In my opinion, packing is one of the most important factors for a successful backcountry hiking trip. There are so many factors to consider, especially when hiking at higher altitudes with significant changes in elevation from day to day.
Here is a quick story to prove my point. We arrived at the Boulderfield (13,000 feet) in the early afternoon and set up camped while the sun was still out. This is incredibly rough terrain, but even more difficult to navigate through at night. The sun had already gone down and we were waiting to watch the stars above when we saw movement on the horizon. As the movement got closer we realized it was two guys hiking through the Boulderfield without headlamps. One of the guys in our group greeted them and asked them what they were doing. The teenagers explained that they had recently moved from Florida to Colorado and were wanting to tackle Long’s Peak (14,258 feet) the next morning. Upon further conversation, it was discovered that one of the guys forgot his sleeping bag and neither of them packed a tent. It is important to note that the last temperature reading I took from the Boulderfield that night was 44 degrees. Improper planning can put a person or a group in serious danger. Make a checklist of all the items you could potentially need… then double and triple check as you pack.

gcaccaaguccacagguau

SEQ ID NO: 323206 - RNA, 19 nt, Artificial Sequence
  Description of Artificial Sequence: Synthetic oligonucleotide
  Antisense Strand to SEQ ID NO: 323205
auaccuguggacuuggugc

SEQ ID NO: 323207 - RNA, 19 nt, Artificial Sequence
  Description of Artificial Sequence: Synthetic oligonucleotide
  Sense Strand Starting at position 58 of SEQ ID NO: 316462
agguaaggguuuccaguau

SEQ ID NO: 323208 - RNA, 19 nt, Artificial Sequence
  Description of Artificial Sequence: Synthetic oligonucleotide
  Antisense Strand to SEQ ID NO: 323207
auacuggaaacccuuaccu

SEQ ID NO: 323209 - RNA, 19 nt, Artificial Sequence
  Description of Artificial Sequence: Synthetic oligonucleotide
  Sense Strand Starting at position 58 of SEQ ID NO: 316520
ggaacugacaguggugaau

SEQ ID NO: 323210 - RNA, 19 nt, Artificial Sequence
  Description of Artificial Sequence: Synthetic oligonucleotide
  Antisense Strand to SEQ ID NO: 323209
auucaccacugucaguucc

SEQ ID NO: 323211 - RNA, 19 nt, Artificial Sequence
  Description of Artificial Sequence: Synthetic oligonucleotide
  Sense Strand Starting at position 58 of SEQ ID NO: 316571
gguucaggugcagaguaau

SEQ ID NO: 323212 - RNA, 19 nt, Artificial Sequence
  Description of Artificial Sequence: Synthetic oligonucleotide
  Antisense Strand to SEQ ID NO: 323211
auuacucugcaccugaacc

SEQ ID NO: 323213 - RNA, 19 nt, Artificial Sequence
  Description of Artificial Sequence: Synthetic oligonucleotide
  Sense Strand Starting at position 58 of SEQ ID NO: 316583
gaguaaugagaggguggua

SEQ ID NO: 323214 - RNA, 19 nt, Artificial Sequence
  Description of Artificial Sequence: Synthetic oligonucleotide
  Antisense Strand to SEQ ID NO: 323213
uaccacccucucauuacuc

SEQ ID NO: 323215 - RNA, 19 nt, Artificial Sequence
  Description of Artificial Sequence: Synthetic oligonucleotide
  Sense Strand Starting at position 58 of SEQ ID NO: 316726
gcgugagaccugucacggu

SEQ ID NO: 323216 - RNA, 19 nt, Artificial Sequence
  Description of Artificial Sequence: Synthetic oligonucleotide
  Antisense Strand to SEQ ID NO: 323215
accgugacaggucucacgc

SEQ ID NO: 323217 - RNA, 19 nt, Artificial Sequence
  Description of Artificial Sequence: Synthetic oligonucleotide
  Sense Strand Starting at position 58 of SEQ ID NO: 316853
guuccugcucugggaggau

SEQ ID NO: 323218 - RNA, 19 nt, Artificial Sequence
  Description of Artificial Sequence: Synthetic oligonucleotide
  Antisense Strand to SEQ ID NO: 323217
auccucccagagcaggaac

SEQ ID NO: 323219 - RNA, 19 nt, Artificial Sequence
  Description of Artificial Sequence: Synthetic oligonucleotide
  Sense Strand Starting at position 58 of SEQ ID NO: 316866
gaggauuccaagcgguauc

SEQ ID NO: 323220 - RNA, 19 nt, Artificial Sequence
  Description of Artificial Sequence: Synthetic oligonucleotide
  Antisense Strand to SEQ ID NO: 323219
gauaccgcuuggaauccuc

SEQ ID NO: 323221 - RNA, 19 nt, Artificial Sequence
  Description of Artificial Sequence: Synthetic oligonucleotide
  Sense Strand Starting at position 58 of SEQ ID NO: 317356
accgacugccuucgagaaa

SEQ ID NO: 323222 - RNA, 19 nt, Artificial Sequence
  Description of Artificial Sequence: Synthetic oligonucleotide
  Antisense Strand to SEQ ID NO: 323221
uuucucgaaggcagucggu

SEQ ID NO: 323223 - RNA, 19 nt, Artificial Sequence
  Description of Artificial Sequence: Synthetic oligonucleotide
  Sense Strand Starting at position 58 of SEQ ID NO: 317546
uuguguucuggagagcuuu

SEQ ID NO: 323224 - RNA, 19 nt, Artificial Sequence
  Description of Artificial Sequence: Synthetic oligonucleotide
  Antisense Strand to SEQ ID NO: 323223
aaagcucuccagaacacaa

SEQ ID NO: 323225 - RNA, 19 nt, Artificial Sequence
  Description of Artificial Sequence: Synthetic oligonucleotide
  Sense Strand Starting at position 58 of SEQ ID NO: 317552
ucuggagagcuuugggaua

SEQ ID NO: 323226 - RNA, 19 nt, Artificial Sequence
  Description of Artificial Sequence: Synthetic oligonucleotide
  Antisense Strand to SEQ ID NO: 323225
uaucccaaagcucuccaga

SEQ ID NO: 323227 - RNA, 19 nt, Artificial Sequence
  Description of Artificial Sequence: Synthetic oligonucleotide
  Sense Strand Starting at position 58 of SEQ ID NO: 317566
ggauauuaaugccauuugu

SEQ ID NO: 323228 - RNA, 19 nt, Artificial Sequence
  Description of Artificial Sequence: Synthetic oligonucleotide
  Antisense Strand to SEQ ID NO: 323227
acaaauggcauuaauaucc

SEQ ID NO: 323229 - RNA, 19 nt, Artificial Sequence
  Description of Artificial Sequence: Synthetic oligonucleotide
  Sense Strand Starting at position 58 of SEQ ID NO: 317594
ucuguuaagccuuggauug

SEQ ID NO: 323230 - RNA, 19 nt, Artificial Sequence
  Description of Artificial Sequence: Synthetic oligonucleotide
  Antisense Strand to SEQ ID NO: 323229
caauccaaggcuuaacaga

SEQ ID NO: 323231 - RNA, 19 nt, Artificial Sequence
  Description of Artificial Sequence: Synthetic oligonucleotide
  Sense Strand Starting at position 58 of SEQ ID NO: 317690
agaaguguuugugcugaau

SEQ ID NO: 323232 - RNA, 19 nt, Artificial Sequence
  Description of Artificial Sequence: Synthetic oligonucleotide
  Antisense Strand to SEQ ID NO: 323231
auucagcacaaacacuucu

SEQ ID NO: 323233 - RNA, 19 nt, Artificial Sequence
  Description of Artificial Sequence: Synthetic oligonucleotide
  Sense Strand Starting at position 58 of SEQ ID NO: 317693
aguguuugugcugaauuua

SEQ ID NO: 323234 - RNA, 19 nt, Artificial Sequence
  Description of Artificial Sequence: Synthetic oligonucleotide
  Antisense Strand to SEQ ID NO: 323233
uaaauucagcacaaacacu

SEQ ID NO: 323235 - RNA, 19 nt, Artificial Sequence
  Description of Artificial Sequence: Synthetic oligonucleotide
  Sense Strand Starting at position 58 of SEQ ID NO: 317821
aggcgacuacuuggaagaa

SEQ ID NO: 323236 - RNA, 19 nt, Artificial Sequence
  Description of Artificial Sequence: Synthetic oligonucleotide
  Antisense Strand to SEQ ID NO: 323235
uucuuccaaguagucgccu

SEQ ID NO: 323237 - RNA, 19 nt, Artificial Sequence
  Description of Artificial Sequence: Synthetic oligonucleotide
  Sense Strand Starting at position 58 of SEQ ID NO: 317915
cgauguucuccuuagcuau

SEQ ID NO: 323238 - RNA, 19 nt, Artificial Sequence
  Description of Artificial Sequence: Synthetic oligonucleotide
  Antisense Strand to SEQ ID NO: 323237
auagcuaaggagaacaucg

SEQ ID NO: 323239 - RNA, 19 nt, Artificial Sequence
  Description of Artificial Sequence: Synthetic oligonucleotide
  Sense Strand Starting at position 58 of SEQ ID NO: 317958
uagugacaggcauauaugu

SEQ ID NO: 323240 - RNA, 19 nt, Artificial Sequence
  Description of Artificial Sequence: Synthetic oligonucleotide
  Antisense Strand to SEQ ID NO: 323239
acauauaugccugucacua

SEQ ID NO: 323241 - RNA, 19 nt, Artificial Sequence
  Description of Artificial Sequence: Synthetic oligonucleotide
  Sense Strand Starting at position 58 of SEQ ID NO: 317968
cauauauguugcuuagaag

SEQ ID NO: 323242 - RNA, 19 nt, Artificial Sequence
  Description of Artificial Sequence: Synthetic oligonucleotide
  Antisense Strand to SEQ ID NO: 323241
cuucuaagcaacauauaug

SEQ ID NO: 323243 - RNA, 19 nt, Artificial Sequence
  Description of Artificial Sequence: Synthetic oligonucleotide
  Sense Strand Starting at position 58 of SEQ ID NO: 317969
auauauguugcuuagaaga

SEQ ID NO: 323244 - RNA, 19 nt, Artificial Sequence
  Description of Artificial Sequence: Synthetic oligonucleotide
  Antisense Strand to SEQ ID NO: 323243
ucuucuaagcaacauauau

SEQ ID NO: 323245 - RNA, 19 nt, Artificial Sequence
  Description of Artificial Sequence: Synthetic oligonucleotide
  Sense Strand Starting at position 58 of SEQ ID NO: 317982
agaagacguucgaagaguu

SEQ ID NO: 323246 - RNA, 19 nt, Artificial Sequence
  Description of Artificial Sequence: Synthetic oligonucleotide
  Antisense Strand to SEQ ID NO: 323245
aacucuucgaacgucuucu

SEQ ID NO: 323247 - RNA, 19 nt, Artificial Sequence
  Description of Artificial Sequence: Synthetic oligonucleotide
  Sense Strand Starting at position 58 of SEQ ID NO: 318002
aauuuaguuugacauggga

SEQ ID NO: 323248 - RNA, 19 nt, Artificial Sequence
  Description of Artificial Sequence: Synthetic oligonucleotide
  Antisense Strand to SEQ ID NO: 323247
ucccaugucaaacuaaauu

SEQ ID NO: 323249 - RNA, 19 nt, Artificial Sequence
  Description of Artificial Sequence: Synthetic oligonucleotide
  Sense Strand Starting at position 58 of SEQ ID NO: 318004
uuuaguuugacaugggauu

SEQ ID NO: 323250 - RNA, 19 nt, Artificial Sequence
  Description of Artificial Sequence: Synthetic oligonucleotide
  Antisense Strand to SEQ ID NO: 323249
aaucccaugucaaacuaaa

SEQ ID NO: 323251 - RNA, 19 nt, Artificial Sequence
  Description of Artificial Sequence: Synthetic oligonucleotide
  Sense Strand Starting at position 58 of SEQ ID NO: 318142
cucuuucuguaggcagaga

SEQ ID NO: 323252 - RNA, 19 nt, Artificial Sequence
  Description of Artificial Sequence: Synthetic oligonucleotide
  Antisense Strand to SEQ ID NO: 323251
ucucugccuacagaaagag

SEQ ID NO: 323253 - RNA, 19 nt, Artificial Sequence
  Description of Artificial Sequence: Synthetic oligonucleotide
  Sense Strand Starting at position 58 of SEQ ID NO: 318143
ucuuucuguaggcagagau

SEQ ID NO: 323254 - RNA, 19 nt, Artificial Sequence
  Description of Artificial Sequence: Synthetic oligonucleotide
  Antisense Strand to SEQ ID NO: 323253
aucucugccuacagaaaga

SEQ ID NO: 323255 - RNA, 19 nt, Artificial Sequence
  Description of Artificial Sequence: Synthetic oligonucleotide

For the Rocky Mountain hike, here are some of the considerations we made when planning:
Water– dehydration is a significant concern at high altitude. Pack a water bladder, a couple of Nalgene’s, and some way to filter or clean water that you collect from streams or rivers. We not only packed two water filter pumps but also Iodine drops.
Food– the two most important considerations for me is weight of the food and protein. I try to pack as lightly as possible with the maximum protein content as possible. For this trip I packed five small bags of almonds and dried cranberries, which I kept accessible throughout the trip. I also packed several high protein Clif bars and pouches of tuna. For supper, I packed super protein food Quinoa and ate it with some prepackaged high protein Indian cuisine. Those are my preferences and yours may be a bit different. One of the guys in our groups sometimes has low blood sugar… so he packs jelly beans. Think about yourself and your individual needs, but make sure that you pack just what you need. I can assure you that you do not want a ton of extra food weight in your pack that you will never eat.
This is no longer an option in Rocky Mountain National Park. You have to buy or rent bear canisters in which to put all of your food at night. With a quick search, you can find out the retailers that rent these canisters.
Again, a very important consideration for an area that can be hot, cold, wet, and dry at any moment. Here are some important things to consider: